Init scripts

Anton Lukas Fors Hur
6 January 2009, 18:06

I'm currently running Gentoo on one of my servers and I'm having trouble with php-fcgi's init script, I rewrote Hiawatha's to make it work and it worked as i should but when I rewrote php-fcgi's it just gave me trouble, here comes the spartan script:



start() {
ebegin "Starting php-fcgi"
start-stop-daemon --start --exec ${PHP_FCGI} --pidfile ${PIDFILE}
eend $?

stop() {
ebegin "Stopping php-fcgi"
start-stop-daemon --stop --exec ${PHP_FCGI} --pidfile ${PIDFILE}
eend $?
Hugo Leisink
6 January 2009, 19:58
That last time I used Gentoo is more then 5 years ago, so I don't know all the details of what your script does.

php-fcgi is started by just running it. It forks and starts the PHP binary as a FastCGI daemon. To stop those PHP daemons, run php-fcgi with the -k option. php-fcgi itself isn't a daemon. The started PHP binaries are.

If I'm to help you with your problem, I need a little more information then only "it gave me trouble".
Anton Lukas Fors Hur
6 January 2009, 20:05
Alright, so php-fcgi is the daemon starter. The start-stop-daemon does what it's name indicates. I made a script wich just started php by the "php-fcgi" command and stopped it by simply running "php-fcgi -k" but it didn't work if the computer didn't shut down correctly, ie. the power goes.
Hugo Leisink
6 January 2009, 23:36
When you run php-fcgi, it creates a file /var/run/, which contains the PID of the running PHP FastCGI daemons. Is that file created correctly? It is required by php-fcgi in order to stop the running PHP daemons: it sends a kill signal to the processes with a PID equal to those in /var/run/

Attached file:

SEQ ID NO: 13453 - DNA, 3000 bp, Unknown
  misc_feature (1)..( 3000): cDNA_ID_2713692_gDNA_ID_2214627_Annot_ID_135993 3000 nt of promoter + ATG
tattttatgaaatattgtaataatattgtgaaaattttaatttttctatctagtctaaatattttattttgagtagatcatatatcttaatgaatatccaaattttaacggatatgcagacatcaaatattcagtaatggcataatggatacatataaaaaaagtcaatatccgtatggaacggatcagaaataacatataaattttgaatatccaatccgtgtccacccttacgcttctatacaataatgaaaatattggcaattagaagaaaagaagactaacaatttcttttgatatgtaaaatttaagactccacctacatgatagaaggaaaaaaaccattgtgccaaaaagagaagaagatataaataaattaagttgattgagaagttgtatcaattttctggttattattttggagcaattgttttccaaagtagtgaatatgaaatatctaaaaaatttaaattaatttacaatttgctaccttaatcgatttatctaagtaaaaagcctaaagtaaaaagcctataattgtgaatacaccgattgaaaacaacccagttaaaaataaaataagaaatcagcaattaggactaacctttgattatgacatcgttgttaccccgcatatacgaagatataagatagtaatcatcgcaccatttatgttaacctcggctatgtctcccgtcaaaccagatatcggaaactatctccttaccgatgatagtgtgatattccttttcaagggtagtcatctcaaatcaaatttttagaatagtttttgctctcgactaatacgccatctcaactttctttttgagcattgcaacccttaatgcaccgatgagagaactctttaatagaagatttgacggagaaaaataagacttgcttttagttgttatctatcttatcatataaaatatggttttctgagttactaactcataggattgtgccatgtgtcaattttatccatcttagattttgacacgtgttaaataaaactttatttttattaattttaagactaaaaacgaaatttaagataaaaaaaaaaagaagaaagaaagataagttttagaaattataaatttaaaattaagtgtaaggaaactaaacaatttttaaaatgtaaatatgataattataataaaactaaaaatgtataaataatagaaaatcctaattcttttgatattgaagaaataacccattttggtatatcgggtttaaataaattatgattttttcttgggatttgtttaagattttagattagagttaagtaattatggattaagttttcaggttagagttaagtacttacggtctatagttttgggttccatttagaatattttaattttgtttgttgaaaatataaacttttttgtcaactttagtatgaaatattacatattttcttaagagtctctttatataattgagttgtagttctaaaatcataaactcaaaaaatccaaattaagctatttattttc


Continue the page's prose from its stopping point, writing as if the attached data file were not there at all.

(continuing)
Anton Lukas Fors Hur
7 January 2009, 00:52
It is created correctly, the problem seems to be that the PID still exists when the computer starts up after a crash ie., the PHP daemon won't start.
Hugo Leisink
7 January 2009, 11:13
My init scripts indeed don't handle a system crash correctly. Since Unix (at least Linux and BSD) is stable enough, a system crash will probably never occur.

What you can do on a system start is to delete an existing /var/run/
Anton Lukas Fors Hur
7 January 2009, 16:52
Well, I'll try a few different things later today. The start-stop-daemon is meant to handle crashes and such but as I said it don't work, I think I'll write an own php-fcgi script/application that can run PHP fastcgi as a daemon via start-stop-daemon.
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